Atypical Waffle Company
Plenty of places serve waffles, but nowhere else will you find “the number seven” — a Liege waffle topped with smoked brown-sugar bacon, smashed avocado and goat cheese. This glamping-themed backyard restaurant isn’t easy to find (if you’re at the trendy laundromat, you’re close), but once you’re there, you’ll want to linger at the picnic tables or near the bright-yellow fireplace. Food is served on tin plates or in handy to-go pouches. And you can get lemonade, kombucha and cold brew on tap.
BTW: Wear layers. The backyard alley can get pretty chilly in the morning.
Atypical Waffle Company, 3519 30th St. San Diego, Calif. 92104
Sugar and Scribe
This restaurant started out as a small Irish bakery where chef Maeve Rochford made cakes from scratch. She upgraded to the posh La Jolla neighborhood, along the way adding items like Irish eggs with goat cheese, traditional brown bread and hot chocolate topped with a giant house-made marshmallow. The front of the restaurant is a bakery, where you can choose from freshly baked croissants, tarts and cupcakes, as well as a full coffee bar. If you’re lucky, you’ll be there on a day when Rochford turns all her treats into Harry Potter- or Willy Wonka-themed designs.
BTW: Buy a box of the ginger chews on your way out. They’re the most incredible cookies in town.
Sugar and Scribe, 7660 Fay Ave. La Jolla, Calif. 92104
The Taco Stand
People say the best Mexican food in Southern California comes from any place called Roberto’s or Alberto’s or Rigoberto’s. While that’s true, if you’re looking for a taco with handmade tortillas and fresh ingredients, you go to the Taco Stand. Don’t be intimidated by the super long lines; these tacos are worth it. Local favorites are the camarón (spicy shrimp) and grilled pescado (mahi-mahi), both served with avocado and chipotle sauce. Seating is limited at all four locations, so be ready to eat these standing up, as though you’re at a stand across the border in Tijuana.
BTW: You might be tempted to go for a burrito, but this place truly is all about tacos.
The Taco Stand, 645 B St. San Diego, Calif. 92101
This Little Italy restaurant is great for any meal, but the reason it’s so beloved is its authentic Italian aperitivo (happy hour): Show up, even on weekends, between 4 and 7 p.m. for cocktails and get complimentary small bites of the day, such as homemade gnocchi or braised octopus. Monello makes its own sweet vermouth that’s so smooth, you can drink it straight. Other lunchtime favorites are the raspa dura — light cheese flakes served in a paper cone — and fresh pasta tossed in a cheese wheel.
BTW: Monello’s sister restaurant, Bencotto Italian Kitchen, is a few doors away and perfect for a fancy night out.
Monello, 750 West Fir St. San Diego, Calif. 92101
Karina’s Mexican Seafood
The guidebooks tell you that Old Town is where you’ll find authentic Mexican food, but farther south, Karina’s is where the Mexican community actually hangs out. Scattered across the South Bay, the area closest to the border, this local chain is where people gather for family dinners and celebrations. The atmosphere is festive and colorful, with brightly painted walls and portraits of Mexican music and film icons hanging on the walls. There’s mariachi music at all times, whether on the speakers or performed live. The menu blends comfort dishes like enchiladas with more adventurous items like mango jalapeño tuna sashimi.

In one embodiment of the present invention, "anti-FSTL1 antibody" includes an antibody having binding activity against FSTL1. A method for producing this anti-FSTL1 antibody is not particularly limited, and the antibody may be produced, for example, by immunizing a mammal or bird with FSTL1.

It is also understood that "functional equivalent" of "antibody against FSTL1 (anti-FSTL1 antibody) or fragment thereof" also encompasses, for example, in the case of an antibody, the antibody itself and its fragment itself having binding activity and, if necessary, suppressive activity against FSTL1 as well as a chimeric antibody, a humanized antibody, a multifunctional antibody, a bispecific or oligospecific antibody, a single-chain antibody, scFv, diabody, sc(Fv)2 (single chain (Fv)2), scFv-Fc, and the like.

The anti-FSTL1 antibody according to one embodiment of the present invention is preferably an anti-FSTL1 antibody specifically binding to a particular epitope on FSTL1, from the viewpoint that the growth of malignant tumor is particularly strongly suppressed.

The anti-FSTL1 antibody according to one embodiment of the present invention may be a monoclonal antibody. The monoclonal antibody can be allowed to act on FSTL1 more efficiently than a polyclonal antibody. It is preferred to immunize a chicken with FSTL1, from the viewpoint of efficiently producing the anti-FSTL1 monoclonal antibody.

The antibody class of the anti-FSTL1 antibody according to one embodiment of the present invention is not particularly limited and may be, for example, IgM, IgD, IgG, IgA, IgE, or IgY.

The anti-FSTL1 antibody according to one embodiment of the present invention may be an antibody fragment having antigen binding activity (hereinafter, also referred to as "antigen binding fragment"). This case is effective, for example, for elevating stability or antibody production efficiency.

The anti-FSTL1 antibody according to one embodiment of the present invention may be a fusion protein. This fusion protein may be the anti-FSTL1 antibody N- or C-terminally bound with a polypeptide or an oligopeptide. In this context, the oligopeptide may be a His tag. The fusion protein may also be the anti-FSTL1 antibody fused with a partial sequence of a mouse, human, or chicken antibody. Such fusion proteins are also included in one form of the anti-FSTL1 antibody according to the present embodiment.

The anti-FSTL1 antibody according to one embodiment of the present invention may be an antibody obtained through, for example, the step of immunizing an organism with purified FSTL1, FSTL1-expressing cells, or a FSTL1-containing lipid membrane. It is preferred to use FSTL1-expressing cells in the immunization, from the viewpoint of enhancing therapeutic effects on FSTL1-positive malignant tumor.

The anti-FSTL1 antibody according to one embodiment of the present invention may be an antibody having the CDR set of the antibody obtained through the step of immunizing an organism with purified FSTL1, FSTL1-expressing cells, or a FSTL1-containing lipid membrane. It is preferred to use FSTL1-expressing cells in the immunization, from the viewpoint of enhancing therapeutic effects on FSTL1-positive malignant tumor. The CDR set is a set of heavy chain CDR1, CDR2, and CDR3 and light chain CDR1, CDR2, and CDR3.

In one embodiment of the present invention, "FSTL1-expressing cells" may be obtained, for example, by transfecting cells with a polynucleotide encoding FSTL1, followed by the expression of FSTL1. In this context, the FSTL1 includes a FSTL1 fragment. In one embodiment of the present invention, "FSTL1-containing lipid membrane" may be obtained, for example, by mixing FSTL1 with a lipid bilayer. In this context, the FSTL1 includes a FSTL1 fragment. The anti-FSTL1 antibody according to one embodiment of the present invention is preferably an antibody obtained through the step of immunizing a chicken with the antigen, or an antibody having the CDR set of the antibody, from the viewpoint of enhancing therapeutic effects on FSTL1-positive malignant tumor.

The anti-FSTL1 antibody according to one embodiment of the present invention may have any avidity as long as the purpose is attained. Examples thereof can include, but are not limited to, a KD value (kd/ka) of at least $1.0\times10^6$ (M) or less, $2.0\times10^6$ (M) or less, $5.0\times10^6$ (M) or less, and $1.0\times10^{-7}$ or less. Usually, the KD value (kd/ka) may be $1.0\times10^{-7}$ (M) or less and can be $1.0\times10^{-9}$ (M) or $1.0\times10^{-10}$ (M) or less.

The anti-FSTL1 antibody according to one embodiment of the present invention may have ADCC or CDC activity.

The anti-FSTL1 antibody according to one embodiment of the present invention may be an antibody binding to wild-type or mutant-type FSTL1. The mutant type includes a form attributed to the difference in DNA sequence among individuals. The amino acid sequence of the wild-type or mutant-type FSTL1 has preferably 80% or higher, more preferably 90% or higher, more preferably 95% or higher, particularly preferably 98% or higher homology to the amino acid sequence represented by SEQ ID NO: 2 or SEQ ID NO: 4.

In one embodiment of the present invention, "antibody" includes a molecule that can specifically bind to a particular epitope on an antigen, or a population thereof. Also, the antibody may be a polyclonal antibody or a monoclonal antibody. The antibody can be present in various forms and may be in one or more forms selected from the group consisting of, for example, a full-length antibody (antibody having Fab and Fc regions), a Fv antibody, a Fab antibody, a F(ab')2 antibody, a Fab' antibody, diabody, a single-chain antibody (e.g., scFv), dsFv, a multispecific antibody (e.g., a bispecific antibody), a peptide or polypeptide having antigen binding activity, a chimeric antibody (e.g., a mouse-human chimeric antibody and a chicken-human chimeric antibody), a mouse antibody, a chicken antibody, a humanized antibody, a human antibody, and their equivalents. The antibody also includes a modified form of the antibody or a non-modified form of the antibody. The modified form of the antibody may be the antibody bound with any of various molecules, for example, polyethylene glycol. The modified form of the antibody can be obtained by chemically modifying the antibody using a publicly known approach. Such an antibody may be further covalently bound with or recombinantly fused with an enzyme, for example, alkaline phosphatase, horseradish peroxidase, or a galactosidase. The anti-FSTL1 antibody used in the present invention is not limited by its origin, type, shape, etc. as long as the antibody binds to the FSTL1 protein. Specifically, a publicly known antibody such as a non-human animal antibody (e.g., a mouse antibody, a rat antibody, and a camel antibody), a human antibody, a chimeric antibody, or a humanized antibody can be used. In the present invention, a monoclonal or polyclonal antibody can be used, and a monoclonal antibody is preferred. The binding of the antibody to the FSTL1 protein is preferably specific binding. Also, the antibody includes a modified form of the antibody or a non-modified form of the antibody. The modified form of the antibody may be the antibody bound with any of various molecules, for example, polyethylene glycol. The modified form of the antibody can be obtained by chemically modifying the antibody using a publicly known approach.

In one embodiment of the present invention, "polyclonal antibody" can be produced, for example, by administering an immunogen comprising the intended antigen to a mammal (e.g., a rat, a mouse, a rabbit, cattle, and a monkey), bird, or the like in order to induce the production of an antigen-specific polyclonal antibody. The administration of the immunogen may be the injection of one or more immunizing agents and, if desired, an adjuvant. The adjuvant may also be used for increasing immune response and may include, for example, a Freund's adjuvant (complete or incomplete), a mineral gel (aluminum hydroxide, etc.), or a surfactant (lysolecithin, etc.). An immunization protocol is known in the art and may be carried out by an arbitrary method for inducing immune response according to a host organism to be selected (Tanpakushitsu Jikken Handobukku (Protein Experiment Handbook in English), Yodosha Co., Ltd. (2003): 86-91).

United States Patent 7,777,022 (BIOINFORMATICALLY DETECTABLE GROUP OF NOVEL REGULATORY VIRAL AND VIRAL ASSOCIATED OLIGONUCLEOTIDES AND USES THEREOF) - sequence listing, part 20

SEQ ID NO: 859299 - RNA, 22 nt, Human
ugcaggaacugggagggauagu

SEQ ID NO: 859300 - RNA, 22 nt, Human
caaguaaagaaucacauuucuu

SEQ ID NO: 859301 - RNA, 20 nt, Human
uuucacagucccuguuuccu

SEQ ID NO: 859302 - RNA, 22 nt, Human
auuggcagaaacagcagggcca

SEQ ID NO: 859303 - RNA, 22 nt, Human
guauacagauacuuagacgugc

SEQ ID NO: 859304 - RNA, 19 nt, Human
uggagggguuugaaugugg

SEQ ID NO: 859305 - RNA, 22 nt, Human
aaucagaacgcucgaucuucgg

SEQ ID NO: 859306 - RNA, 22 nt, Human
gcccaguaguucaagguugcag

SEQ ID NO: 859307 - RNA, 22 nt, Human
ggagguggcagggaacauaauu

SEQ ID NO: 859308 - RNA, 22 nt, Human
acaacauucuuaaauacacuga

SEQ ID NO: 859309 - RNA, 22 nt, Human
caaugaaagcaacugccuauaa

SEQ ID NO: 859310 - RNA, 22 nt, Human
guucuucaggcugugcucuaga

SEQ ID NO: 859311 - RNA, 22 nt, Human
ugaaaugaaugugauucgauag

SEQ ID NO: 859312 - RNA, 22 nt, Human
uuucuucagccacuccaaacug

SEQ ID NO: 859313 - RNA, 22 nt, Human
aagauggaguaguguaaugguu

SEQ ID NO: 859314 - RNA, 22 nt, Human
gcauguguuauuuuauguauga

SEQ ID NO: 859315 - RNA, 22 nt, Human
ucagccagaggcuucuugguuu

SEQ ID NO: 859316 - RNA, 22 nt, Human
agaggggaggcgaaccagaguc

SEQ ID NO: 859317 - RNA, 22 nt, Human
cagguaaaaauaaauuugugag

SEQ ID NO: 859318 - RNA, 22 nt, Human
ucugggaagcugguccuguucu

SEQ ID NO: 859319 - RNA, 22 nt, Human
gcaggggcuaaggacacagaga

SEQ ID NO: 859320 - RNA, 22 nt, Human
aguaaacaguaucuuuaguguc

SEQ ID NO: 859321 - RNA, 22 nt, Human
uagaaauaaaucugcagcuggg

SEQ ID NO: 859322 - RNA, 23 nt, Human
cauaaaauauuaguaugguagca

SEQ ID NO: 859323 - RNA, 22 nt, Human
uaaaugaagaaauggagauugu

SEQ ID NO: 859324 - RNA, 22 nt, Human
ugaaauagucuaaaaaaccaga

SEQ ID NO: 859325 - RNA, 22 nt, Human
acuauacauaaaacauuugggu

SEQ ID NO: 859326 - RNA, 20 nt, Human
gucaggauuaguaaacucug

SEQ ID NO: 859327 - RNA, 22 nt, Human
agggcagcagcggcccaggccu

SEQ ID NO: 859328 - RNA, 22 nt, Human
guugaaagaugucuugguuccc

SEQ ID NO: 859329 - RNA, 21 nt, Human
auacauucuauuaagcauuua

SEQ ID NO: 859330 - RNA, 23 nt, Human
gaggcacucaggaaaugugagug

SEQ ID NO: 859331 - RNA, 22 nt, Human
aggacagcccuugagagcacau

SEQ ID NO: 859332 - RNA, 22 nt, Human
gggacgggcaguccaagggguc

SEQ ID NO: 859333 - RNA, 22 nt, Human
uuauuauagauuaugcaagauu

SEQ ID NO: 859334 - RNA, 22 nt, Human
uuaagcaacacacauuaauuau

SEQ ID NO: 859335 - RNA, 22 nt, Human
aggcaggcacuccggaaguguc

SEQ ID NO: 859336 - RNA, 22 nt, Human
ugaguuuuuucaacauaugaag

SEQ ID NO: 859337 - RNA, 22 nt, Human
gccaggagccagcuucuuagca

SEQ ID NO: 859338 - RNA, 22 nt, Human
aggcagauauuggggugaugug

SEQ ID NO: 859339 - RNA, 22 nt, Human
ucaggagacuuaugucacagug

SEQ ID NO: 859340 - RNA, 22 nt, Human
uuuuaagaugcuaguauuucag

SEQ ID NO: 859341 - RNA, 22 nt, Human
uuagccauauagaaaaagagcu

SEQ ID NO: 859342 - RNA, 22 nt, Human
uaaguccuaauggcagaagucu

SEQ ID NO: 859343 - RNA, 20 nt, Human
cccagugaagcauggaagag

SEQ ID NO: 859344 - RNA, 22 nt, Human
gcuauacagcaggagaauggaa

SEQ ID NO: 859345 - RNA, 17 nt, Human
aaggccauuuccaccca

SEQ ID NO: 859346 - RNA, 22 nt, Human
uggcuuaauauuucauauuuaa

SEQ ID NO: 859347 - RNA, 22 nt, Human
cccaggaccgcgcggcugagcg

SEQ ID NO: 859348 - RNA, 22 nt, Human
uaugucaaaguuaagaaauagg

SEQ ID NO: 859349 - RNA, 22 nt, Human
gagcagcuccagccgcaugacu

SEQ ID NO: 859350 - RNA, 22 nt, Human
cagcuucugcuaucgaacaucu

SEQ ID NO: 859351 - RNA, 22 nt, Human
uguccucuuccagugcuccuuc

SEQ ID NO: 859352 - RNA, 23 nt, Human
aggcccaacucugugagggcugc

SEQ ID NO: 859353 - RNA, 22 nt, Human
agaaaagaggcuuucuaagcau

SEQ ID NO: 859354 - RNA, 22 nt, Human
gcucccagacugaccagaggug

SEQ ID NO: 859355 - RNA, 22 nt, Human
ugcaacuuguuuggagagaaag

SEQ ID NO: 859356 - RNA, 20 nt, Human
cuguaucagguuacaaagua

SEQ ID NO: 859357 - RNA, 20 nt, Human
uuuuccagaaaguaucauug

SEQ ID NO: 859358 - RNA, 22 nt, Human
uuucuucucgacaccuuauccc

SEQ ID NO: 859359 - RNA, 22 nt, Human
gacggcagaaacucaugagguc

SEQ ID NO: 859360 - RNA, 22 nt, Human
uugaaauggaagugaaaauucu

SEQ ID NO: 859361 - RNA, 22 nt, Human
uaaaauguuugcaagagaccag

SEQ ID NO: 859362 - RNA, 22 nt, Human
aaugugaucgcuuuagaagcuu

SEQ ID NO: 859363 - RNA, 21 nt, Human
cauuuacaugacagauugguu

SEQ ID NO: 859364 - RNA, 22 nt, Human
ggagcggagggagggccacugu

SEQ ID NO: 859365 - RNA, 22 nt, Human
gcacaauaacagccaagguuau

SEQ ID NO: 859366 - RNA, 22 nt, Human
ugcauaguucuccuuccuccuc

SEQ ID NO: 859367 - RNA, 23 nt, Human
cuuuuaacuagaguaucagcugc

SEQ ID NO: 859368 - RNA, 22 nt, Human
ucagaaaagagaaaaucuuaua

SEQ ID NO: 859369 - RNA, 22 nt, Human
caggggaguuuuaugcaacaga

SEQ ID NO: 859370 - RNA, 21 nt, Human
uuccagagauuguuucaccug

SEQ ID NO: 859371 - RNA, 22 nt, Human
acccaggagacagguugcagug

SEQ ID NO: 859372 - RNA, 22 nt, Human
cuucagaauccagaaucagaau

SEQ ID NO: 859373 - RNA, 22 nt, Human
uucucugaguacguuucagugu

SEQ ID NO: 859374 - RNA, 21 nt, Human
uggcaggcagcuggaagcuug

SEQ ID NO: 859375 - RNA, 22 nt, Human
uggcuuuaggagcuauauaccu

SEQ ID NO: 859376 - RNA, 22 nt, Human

BTW: There are seven ceviche options on the menu, but go for the Ceviche Karina’s; it’s the signature dish.
Karina’s Mexican Seafood, 89 Bonita Rd. Chula Vista, Calif. 91910
George’s at the Cove
San Diegans love their sunsets. In some areas, people gather every day to watch the sun dip into the ocean and maybe catch a sight of the mythical green flash. George’s at the Cove is a restaurant that maximizes your sunset experience, boasting both a sophisticated interior and an oceanfront terrace. Fish, lobster and beef dishes are prepared by nationally renowned chef Trey Foshee. The craft cocktails at George’s Level2 bar are inspired by 23 San Diego neighborhoods. (The La Jolla, for example, is dehydrated mango, lime- and chile-infused tequila, lime, agave nectar and a sea cube.)
BTW: Foshee has a casual taco restaurant, Galaxy Taco, a few miles away, at La Jolla Shores.
George’s at the Cove, 1250 Prospect St. La Jolla, Calif. 92037
Starlite is a special place, which is immediately obvious when you spot its grand hexagonal doorway from the street. Step inside to find a gold-hued, twinkling seating area filled with local artists, musicians and other creatives. The front room has a sunken bar where some of the city’s best cocktails are served; the Starlite Mule and Kentucky Colonel are considered local classics. The back, meanwhile, has an intimate dining area where you can share marinated European olives and a charcuterie board, or go for the late-night favorite, a Starlite Burger, served with Gruyere and caramelized onions. The music here is always a blend of Motown, indie rock and soul.
BTW: The saying here is that one Starlite Mule is not enough, and two is too many.
Starlite, 3175 India St. San Diego, Calf. 92103
Lestat’s on Adams Avenue
Yes, this 24/7 cafe is named after the Anne Rice vampire, Lestat de Lioncourt, and even the aesthetic is very New Orleans French Quarter. During the day, locals zip in for coffee and freelancers work on laptops. But late at night is when its goth personality truly shines. Because there’s a music venue next door, you’ll find singer-songwriters and their guitars sharing space with caffeinated poets, teens too young for the club and friends in the middle of marathon Magic the Gathering sessions. The food is your standard coffee-shop fare: scones, muffins, panini and very, very strong coffee.
BTW: Next door, Lestat’s West features live music or comedy almost every night of the week.
Lestat’s, 3343 Adams Ave. San Diego, Calif. 92116